Like other Canadians, many Mennonites watch or play hockey. But in the wake of Hockey Canada’s recent sexual-assault scandal, some Canadian Mennonites are considering what it means to be a Mennonite hockey fan. Opinions differ.
“It’s devastating, but it’s not surprising for me,” Curt Warkentin, the associate director of athletics at the University of Manitoba, says of the controversy. “We know there’s more going on than just what happened with Hockey Canada.” For Warkentin, these stories affect how he does his work.
In May of this year, Hockey Canada was exposed as having privately settled a lawsuit from a sexual-assault allegation made against Canada’s 2018 junior men’s team when the woman shared the story publicly. More instances of a similar nature, dating back to 1989, have come to light since. In response, Hockey Canada’s major sponsors, including Tim Hortons, Scotiabank and Canadian Tire, cut ties with the organization, and its CEO and board of directors have stepped down. Hockey Canada’s new board of directors were elected on Dec. 17. Five of the nine board members are women. The chair, Hugh Fraser, is a retired judge and former Olympic sprinter who was born in Jamaica.
“Things have changed,” says Warkentin. In his 15 years working in the university’s athletic department, he has seen increasing emphasis placed on the athletic code of conduct and the accessibility of athletes to counselling and sports-psychology resources.
These developments are “not a specific reaction to one specific situation, but it has been a trend,” he says. “I think the accountability and being public about it is growing, but I don’t think the number of incidents is growing.”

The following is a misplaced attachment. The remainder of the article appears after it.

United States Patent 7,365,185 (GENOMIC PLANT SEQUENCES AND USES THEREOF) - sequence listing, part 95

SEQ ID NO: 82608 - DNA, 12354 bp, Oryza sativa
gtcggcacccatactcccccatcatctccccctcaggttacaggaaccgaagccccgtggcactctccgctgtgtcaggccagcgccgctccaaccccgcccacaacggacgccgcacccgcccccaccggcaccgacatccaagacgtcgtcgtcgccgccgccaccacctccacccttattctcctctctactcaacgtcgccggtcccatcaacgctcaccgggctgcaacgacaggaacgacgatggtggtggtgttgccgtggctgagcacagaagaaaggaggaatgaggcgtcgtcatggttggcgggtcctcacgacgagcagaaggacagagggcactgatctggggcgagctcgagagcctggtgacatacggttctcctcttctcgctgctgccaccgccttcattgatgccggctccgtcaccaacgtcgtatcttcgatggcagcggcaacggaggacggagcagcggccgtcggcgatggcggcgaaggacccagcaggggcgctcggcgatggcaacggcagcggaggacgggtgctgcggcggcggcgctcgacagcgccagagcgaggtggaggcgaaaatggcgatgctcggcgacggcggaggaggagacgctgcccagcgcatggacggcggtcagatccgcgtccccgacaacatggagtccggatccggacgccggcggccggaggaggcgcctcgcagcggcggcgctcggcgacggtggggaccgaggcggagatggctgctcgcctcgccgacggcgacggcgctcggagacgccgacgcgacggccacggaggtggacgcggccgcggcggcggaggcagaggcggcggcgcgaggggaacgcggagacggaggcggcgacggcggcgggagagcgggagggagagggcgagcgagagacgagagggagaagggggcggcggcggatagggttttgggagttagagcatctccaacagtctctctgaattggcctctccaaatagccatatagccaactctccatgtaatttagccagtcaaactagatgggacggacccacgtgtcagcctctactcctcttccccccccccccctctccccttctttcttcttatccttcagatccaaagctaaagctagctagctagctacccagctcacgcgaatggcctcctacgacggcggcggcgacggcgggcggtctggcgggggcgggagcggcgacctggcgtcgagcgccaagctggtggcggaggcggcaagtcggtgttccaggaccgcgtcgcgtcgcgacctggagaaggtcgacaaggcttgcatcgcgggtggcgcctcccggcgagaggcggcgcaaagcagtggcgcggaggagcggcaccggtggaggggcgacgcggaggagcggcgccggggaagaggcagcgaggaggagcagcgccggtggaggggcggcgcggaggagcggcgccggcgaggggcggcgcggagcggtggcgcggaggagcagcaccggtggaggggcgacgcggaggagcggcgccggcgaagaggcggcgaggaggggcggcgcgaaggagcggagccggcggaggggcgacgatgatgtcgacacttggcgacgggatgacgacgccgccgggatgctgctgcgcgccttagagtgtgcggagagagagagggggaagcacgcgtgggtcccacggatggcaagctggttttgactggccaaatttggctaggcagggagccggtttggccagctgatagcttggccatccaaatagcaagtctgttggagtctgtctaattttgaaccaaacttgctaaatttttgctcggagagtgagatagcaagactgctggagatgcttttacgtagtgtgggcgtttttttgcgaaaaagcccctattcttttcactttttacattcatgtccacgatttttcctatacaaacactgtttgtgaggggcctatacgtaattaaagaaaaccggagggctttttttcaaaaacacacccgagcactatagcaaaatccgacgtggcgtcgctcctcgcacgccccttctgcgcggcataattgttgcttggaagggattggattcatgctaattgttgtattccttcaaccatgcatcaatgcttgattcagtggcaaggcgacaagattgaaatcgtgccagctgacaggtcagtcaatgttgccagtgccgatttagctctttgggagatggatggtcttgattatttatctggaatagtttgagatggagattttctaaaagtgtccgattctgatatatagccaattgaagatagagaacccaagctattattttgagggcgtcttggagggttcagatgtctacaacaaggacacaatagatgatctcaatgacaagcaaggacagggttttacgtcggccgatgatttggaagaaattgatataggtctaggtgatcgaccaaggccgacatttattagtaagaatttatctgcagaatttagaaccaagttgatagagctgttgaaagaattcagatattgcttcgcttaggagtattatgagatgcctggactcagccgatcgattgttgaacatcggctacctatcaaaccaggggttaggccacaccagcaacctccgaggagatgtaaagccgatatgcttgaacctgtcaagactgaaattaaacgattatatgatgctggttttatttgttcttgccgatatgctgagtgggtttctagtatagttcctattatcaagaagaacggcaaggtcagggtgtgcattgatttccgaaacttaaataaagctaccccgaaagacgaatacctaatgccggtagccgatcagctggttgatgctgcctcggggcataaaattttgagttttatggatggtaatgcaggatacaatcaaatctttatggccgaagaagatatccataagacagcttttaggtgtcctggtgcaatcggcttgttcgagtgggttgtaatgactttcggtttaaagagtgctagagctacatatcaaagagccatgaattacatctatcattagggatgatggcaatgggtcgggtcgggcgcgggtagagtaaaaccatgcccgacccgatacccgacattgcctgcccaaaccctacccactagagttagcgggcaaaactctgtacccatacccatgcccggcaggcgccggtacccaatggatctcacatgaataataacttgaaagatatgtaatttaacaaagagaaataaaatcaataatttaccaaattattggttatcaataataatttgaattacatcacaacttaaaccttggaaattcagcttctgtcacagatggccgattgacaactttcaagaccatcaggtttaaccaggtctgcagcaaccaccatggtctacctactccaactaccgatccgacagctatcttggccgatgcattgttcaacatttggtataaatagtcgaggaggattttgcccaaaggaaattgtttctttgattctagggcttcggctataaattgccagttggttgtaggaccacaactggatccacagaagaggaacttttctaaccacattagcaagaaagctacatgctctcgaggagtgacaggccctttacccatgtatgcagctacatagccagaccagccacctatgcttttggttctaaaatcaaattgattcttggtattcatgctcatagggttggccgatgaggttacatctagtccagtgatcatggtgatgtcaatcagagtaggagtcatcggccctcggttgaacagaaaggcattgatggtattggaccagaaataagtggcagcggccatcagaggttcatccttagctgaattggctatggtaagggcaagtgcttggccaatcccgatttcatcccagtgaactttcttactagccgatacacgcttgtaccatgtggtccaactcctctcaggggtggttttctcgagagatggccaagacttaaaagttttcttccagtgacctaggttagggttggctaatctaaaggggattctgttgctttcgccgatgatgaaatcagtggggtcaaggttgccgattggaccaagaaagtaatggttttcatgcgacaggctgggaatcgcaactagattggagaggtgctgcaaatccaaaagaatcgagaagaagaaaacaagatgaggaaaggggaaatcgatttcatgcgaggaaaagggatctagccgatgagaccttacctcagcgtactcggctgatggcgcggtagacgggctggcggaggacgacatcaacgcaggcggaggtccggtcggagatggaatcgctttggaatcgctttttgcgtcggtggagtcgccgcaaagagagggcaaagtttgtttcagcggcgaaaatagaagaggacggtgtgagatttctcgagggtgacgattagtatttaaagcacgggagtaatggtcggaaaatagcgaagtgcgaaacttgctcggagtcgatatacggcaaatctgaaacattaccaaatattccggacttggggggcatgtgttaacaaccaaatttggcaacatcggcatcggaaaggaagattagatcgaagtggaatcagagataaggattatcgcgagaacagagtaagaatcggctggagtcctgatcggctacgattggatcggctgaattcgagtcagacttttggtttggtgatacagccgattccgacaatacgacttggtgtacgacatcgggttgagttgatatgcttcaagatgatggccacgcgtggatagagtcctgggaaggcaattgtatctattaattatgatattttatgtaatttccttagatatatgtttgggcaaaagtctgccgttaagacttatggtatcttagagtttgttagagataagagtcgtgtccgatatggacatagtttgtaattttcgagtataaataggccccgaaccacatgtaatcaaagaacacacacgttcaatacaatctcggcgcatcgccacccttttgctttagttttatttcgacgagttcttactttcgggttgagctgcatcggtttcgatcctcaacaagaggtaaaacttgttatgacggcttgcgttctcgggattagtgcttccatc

For Warkentin, then, his surprise at the Hockey Canada scandal had more to do with what happened after the woman came forward publicly.
“My most severe reaction to this whole thing was being really upset at the sponsors for leaving Hockey Canada,” says Warkentin. “I understand, business-wise, why you don’t want to be associated with something like this, but if you sign up to partner with somebody, your response should be, ‘How can we shift our sponsorship so that it includes a program to address this?’”
Warkentin says this reaction is informed by his years of experience as a sports administrator. “I think Hockey Canada is in a really tough spot, because they’ve got a lot of repairing to do, and now they have no resources or partners to do the preparations,” he says. “I think there needs to be room for growth and forgiveness and things like that in these situations. This is not to say you’re not held accountable, but, instead, ‘You made a mistake. Let’s work together so that mistakes aren’t happening again.’”
He would have rather have seen the Hockey Canada board of directors step down temporarily to undergo training before reclaiming their leadership roles.
Warkentin says that his belief in the necessity of “forgiveness and grace” in this scandal is a reflection of his Mennonite faith.
Other Mennonite hockey fans would disagree.
“I found it encouraging to see big companies and corporations being willing to boycott Hockey Canada,” says Allegra Friesen Epp, an avid fan of the National Hockey League’s Winnipeg Jets. “I would argue that strategies like boycotting are effective forms of nonviolent, direct action.”
She says she supports this nonviolent, direct action because of her Mennonite faith: “I believe violence is wrong, in all its forms. There are many systems and corporations that are doing a lot of violence right now, that as Mennonites and Anabaptists we could stand up to, or withdraw our support from.”
Friesen Epp says that applying financial pressure is often one of the only ways to bring about positive change in large organizations.
That said, Friesen Epp is not sure she will stop watching hockey altogether. “For me, this is a reminder that we need to cultivate healthier spaces in sports and in other areas of our lives,” she says.
With the 2023 World Junior Ice Hockey Championships beginning at the end of this month, both Friesen Epp and Warkentin are hoping some positive change will come from a challenging year in hockey.